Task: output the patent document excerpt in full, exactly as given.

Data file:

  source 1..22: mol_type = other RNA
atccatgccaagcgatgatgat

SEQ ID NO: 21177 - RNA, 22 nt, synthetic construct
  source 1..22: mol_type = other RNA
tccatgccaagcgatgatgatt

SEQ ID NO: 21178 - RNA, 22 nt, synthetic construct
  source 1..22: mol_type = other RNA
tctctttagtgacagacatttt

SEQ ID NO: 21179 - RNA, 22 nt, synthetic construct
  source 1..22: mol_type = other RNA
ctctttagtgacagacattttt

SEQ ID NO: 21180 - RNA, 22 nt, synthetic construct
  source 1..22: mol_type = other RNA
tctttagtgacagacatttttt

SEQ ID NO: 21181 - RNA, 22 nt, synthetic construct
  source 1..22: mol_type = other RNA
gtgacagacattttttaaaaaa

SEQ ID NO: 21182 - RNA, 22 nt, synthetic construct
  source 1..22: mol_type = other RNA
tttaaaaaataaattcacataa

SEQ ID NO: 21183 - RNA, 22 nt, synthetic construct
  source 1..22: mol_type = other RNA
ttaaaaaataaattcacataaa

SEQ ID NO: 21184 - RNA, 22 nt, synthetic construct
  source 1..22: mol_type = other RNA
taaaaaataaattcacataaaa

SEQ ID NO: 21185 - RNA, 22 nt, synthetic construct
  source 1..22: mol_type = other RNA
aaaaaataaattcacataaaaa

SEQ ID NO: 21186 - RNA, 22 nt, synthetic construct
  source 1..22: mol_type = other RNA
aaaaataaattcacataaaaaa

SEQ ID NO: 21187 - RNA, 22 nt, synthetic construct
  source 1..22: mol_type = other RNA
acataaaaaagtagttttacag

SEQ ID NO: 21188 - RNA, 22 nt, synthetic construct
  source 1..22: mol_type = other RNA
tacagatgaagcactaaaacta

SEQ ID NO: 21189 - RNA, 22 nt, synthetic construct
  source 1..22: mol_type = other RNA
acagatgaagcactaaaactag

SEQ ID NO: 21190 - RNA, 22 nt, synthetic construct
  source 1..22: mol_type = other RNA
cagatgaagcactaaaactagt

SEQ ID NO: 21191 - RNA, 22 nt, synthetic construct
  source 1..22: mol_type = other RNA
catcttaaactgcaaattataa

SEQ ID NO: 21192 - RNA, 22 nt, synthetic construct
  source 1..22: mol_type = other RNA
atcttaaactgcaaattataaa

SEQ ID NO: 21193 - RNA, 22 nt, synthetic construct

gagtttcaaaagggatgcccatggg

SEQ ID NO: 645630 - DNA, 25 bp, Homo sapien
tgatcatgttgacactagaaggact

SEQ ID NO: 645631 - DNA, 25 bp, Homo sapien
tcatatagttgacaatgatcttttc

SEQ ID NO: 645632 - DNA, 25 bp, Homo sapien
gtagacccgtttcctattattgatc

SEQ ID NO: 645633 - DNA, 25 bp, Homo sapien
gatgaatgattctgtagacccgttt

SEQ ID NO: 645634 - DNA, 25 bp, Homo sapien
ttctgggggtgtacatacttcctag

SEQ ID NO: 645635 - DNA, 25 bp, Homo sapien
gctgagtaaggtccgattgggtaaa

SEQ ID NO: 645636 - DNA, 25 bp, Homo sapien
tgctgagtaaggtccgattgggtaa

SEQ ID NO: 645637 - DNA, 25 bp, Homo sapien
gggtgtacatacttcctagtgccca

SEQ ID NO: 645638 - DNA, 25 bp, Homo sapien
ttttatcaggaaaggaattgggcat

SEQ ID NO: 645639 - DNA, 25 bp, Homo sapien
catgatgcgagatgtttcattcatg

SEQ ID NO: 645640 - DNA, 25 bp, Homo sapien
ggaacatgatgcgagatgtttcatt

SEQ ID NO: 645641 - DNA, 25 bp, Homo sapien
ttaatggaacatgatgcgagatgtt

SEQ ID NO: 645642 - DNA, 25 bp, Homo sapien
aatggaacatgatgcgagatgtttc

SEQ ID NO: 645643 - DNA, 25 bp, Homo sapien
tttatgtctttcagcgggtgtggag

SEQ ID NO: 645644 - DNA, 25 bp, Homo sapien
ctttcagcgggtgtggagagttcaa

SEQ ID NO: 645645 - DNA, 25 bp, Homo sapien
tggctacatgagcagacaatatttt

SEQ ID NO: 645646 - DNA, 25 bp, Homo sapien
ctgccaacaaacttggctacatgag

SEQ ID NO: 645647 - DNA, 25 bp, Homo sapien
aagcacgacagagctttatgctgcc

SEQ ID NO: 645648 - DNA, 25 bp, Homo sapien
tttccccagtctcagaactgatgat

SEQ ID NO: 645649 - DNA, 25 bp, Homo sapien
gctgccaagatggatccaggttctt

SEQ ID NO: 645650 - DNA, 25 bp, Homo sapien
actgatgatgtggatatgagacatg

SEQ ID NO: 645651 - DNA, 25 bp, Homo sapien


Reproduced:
  source 1..22: mol_type = other RNA
atccatgccaagcgatgatgat

SEQ ID NO: 21177 - RNA, 22 nt, synthetic construct
  source 1..22: mol_type = other RNA
tccatgccaagcgatgatgatt

SEQ ID NO: 21178 - RNA, 22 nt, synthetic construct
  source 1..22: mol_type = other RNA
tctctttagtgacagacatttt

SEQ ID NO: 21179 - RNA, 22 nt, synthetic construct
  source 1..22: mol_type = other RNA
ctctttagtgacagacattttt

SEQ ID NO: 21180 - RNA, 22 nt, synthetic construct
  source 1..22: mol_type = other RNA
tctttagtgacagacatttttt

SEQ ID NO: 21181 - RNA, 22 nt, synthetic construct
  source 1..22: mol_type = other RNA
gtgacagacattttttaaaaaa

SEQ ID NO: 21182 - RNA, 22 nt, synthetic construct
  source 1..22: mol_type = other RNA
tttaaaaaataaattcacataa

SEQ ID NO: 21183 - RNA, 22 nt, synthetic construct
  source 1..22: mol_type = other RNA
ttaaaaaataaattcacataaa

SEQ ID NO: 21184 - RNA, 22 nt, synthetic construct
  source 1..22: mol_type = other RNA
taaaaaataaattcacataaaa

SEQ ID NO: 21185 - RNA, 22 nt, synthetic construct
  source 1..22: mol_type = other RNA
aaaaaataaattcacataaaaa

SEQ ID NO: 21186 - RNA, 22 nt, synthetic construct
  source 1..22: mol_type = other RNA
aaaaataaattcacataaaaaa

SEQ ID NO: 21187 - RNA, 22 nt, synthetic construct
  source 1..22: mol_type = other RNA
acataaaaaagtagttttacag

SEQ ID NO: 21188 - RNA, 22 nt, synthetic construct
  source 1..22: mol_type = other RNA
tacagatgaagcactaaaacta

SEQ ID NO: 21189 - RNA, 22 nt, synthetic construct
  source 1..22: mol_type = other RNA
acagatgaagcactaaaactag

SEQ ID NO: 21190 - RNA, 22 nt, synthetic construct
  source 1..22: mol_type = other RNA
cagatgaagcactaaaactagt

SEQ ID NO: 21191 - RNA, 22 nt, synthetic construct
  source 1..22: mol_type = other RNA
catcttaaactgcaaattataa

SEQ ID NO: 21192 - RNA, 22 nt, synthetic construct
  source 1..22: mol_type = other RNA
atcttaaactgcaaattataaa

SEQ ID NO: 21193 - RNA, 22 nt, synthetic construct

gagtttcaaaagggatgcccatggg

SEQ ID NO: 645630 - DNA, 25 bp, Homo sapien
tgatcatgttgacactagaaggact

SEQ ID NO: 645631 - DNA, 25 bp, Homo sapien
tcatatagttgacaatgatcttttc

SEQ ID NO: 645632 - DNA, 25 bp, Homo sapien
gtagacccgtttcctattattgatc

SEQ ID NO: 645633 - DNA, 25 bp, Homo sapien
gatgaatgattctgtagacccgttt

SEQ ID NO: 645634 - DNA, 25 bp, Homo sapien
ttctgggggtgtacatacttcctag

SEQ ID NO: 645635 - DNA, 25 bp, Homo sapien
gctgagtaaggtccgattgggtaaa

SEQ ID NO: 645636 - DNA, 25 bp, Homo sapien
tgctgagtaaggtccgattgggtaa

SEQ ID NO: 645637 - DNA, 25 bp, Homo sapien
gggtgtacatacttcctagtgccca

SEQ ID NO: 645638 - DNA, 25 bp, Homo sapien
ttttatcaggaaaggaattgggcat

SEQ ID NO: 645639 - DNA, 25 bp, Homo sapien
catgatgcgagatgtttcattcatg

SEQ ID NO: 645640 - DNA, 25 bp, Homo sapien
ggaacatgatgcgagatgtttcatt

SEQ ID NO: 645641 - DNA, 25 bp, Homo sapien
ttaatggaacatgatgcgagatgtt

SEQ ID NO: 645642 - DNA, 25 bp, Homo sapien
aatggaacatgatgcgagatgtttc

SEQ ID NO: 645643 - DNA, 25 bp, Homo sapien
tttatgtctttcagcgggtgtggag

SEQ ID NO: 645644 - DNA, 25 bp, Homo sapien
ctttcagcgggtgtggagagttcaa

SEQ ID NO: 645645 - DNA, 25 bp, Homo sapien
tggctacatgagcagacaatatttt

SEQ ID NO: 645646 - DNA, 25 bp, Homo sapien
ctgccaacaaacttggctacatgag

SEQ ID NO: 645647 - DNA, 25 bp, Homo sapien
aagcacgacagagctttatgctgcc

SEQ ID NO: 645648 - DNA, 25 bp, Homo sapien
tttccccagtctcagaactgatgat

SEQ ID NO: 645649 - DNA, 25 bp, Homo sapien
gctgccaagatggatccaggttctt

SEQ ID NO: 645650 - DNA, 25 bp, Homo sapien
actgatgatgtggatatgagacatg

SEQ ID NO: 645651 - DNA, 25 bp, Homo sapien